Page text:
Consumer sentiment sees uptick in September
Consumers more optimistic about future
Consumers are feeling better about the economy in September, according to the Survey of Consumers conducted by the University of Michigan.
The Index of Consumer Sentiment increased 1.6% from August and 4.6% from last year to 91.2.
This increase is good news after the survey’s preliminary September results showed no change from August.
An article by Jill Mislinski for Advisor Perspectives explains what this means historically:
The Michigan average since its inception is 85.4. During non-recessionary years the average is 87.6. The average during the five recessions is 69.3.
“Confidence edged upward in September due to gains among higher income households, while the Sentiment Index among households with incomes under $75,000 has remained at exactly the same level for the third consecutive month,” said Richard Curtin, Survey of Consumers chief economist.
“Importantly, the data provides no evidence of an upward trend as the average level of the Sentiment Index since the start of 2016 is nearly identical with the September level, 91.4 versus 91.2,” Curtin said.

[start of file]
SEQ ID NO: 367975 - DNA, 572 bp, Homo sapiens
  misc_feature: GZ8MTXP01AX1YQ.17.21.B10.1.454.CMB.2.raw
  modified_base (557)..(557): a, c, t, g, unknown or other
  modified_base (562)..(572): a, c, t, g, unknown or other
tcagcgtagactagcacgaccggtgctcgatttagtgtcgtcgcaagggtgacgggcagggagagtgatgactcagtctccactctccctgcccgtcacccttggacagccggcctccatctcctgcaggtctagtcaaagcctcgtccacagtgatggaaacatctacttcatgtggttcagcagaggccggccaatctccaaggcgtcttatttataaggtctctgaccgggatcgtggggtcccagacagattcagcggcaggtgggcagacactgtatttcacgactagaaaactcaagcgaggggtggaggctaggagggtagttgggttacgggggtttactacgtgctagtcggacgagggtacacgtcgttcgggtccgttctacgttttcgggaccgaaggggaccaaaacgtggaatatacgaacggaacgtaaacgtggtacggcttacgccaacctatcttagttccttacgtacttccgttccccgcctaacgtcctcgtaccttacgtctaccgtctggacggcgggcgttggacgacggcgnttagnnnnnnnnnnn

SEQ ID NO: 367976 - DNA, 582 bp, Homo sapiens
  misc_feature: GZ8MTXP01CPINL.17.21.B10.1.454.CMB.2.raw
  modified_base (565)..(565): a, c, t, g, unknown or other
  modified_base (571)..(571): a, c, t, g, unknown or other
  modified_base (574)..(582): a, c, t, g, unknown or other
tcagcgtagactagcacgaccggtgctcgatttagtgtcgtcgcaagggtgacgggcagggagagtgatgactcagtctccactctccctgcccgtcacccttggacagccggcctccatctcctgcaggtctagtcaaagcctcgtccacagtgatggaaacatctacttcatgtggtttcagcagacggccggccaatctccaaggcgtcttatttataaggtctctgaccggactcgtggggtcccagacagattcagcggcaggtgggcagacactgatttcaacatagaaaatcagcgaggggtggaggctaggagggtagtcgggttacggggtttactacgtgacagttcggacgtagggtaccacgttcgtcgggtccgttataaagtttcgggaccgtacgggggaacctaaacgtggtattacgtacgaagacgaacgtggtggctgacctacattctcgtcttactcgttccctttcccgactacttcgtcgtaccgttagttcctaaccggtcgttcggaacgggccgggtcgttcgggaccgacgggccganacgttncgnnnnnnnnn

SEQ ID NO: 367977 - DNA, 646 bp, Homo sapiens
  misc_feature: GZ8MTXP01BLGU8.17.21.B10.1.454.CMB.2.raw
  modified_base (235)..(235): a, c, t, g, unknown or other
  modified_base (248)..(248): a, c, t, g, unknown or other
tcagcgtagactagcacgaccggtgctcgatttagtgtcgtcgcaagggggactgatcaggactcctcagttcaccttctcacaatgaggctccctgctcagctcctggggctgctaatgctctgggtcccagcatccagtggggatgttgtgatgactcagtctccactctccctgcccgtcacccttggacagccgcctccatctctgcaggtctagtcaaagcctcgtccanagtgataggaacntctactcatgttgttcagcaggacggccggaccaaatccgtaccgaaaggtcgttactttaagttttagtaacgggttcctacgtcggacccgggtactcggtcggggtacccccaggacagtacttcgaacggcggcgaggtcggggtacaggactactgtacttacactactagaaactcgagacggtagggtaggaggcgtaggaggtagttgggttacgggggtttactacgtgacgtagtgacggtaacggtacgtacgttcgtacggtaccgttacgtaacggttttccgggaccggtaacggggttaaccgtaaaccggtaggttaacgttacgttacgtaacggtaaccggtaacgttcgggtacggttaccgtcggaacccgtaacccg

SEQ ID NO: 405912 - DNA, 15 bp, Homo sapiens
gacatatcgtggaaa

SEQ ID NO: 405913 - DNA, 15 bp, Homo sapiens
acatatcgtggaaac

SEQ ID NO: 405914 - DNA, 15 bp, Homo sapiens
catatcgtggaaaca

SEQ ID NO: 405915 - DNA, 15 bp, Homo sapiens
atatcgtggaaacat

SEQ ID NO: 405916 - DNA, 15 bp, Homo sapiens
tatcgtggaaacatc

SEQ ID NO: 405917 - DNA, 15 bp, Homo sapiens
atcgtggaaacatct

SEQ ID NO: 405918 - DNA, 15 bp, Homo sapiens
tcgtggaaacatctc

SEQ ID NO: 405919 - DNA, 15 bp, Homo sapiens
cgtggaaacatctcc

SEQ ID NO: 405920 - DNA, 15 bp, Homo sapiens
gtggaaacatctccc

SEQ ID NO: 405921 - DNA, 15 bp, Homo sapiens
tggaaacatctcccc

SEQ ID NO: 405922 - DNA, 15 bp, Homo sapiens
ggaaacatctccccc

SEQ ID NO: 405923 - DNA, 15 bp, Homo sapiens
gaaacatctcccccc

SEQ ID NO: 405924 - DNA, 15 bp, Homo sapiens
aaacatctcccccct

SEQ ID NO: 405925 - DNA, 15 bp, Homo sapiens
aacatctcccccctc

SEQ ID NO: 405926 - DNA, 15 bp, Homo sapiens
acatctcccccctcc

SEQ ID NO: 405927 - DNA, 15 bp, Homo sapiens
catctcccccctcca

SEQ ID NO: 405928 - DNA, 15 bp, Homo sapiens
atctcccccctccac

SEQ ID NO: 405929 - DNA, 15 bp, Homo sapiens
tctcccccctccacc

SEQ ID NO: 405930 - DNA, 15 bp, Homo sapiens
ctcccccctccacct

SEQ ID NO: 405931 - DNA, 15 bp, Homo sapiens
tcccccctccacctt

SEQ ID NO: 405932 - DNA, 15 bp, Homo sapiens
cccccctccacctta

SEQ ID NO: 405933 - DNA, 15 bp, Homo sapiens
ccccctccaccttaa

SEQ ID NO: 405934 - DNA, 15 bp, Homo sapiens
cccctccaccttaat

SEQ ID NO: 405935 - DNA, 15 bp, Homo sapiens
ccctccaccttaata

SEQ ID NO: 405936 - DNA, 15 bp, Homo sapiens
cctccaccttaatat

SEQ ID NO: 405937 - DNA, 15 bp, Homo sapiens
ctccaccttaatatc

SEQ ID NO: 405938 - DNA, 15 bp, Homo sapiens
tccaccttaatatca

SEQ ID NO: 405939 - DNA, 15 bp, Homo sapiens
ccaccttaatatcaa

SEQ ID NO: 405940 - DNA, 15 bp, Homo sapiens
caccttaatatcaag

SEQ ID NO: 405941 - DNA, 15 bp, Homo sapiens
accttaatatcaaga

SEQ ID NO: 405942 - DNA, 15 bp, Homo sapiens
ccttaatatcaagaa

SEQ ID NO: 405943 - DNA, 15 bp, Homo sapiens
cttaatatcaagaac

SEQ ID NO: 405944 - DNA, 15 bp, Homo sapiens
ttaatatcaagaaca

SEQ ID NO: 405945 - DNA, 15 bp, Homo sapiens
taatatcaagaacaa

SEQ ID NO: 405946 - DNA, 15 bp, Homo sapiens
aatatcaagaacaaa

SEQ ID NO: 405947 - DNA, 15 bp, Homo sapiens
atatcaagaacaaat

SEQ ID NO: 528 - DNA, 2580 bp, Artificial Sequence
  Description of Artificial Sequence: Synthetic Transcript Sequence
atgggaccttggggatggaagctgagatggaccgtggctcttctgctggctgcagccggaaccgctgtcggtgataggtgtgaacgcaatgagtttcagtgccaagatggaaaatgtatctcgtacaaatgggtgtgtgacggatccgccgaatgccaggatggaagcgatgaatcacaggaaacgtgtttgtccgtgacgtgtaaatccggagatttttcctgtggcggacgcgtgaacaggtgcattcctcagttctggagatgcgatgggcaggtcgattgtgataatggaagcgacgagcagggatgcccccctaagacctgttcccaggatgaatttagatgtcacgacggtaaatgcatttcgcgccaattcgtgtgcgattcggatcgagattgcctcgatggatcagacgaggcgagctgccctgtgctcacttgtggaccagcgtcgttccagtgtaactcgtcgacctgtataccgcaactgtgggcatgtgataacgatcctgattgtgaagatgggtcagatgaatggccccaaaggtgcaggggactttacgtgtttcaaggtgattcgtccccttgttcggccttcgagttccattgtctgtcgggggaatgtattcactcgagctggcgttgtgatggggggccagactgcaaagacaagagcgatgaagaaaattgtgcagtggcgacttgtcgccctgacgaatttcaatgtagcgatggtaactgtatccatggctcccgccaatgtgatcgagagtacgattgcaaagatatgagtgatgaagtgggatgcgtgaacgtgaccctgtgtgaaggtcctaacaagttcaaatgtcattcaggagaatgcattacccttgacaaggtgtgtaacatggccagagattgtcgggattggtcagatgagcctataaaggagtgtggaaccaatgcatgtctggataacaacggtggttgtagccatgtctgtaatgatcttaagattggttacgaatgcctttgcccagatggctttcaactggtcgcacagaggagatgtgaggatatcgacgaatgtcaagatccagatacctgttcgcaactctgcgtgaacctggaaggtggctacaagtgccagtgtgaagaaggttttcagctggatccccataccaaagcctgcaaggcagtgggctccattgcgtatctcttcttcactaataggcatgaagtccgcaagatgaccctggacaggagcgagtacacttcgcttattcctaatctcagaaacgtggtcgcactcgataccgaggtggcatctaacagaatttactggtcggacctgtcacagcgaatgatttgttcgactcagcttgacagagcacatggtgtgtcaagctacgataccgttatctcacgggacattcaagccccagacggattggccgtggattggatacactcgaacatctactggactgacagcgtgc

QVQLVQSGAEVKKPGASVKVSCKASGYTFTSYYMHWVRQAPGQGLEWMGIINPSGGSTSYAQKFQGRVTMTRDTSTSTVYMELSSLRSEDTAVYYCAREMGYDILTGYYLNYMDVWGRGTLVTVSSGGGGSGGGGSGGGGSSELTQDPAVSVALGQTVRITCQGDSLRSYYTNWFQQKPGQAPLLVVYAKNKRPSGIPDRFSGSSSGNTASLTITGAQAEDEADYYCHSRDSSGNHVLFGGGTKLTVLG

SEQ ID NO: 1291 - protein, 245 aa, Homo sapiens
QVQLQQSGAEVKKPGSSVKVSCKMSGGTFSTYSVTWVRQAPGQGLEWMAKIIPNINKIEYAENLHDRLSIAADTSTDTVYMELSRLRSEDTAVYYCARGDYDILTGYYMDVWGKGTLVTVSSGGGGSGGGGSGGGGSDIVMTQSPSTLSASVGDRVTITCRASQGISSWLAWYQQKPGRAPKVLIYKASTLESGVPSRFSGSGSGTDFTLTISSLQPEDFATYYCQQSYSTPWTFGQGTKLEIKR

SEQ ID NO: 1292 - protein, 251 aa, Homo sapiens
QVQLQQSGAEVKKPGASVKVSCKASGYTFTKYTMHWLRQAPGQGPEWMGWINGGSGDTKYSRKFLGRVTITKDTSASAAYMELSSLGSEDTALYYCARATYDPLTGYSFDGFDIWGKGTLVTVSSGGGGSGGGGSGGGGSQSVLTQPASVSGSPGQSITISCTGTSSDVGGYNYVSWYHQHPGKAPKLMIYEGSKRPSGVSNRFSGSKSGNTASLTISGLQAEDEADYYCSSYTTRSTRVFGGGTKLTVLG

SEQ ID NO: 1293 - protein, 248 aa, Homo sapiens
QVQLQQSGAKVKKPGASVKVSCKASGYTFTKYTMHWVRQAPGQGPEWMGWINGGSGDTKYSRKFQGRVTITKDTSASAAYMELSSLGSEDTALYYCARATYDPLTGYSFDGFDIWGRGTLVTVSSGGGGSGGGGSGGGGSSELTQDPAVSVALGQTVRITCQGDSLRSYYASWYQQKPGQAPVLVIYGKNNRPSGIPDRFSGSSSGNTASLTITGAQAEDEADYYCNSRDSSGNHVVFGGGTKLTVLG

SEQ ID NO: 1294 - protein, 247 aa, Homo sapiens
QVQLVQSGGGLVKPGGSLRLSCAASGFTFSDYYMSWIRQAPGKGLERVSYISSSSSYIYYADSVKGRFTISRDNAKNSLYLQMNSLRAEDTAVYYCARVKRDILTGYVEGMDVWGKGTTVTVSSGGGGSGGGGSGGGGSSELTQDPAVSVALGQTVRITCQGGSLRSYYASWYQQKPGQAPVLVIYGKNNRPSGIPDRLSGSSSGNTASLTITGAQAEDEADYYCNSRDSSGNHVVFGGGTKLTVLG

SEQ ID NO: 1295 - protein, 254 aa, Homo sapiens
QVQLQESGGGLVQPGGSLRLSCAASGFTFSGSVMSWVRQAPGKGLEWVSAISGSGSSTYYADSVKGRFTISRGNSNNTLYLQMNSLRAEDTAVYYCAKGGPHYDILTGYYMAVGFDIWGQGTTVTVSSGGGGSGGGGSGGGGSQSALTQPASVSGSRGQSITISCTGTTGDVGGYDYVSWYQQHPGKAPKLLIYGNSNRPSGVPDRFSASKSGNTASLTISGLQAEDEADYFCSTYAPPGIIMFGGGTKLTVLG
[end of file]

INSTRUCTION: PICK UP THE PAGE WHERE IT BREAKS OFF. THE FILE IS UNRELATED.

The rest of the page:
The Index of Consumer Expectations showed the most gain with an increase of 5.1% from August and 5.8% from September 2015 to 82.7.
On the other hand, Current Economic Conditions decreased 2.6% from last month to 104.2. This is still an increase of 3% from last year.
“All of the September gains were concentrated in the Expectations Index, while assessments of current economic conditions were slightly less favorable,” Curtin said. “Fewer reports of recent income gains were counterbalanced by an uptick in income gains expected during the year ahead.”
“The larger recent gains among upper income households was partly due to continued declines in their inflation expectations,” he said. “Buying plans edged downward mainly due to the declining availability of price discounts. Real personal consumption expenditures can be expected to increase by 2.7% through mid 2017.”
While this survey showed only a slight increase, another measure of optimism, consumer confidence, hit its highest level in nine years, right about when the last recession began, according to the Consumer Confidence Survey conducted by The Conference Board by Nielsen, a provider of information and analytics around what consumers buy and watch.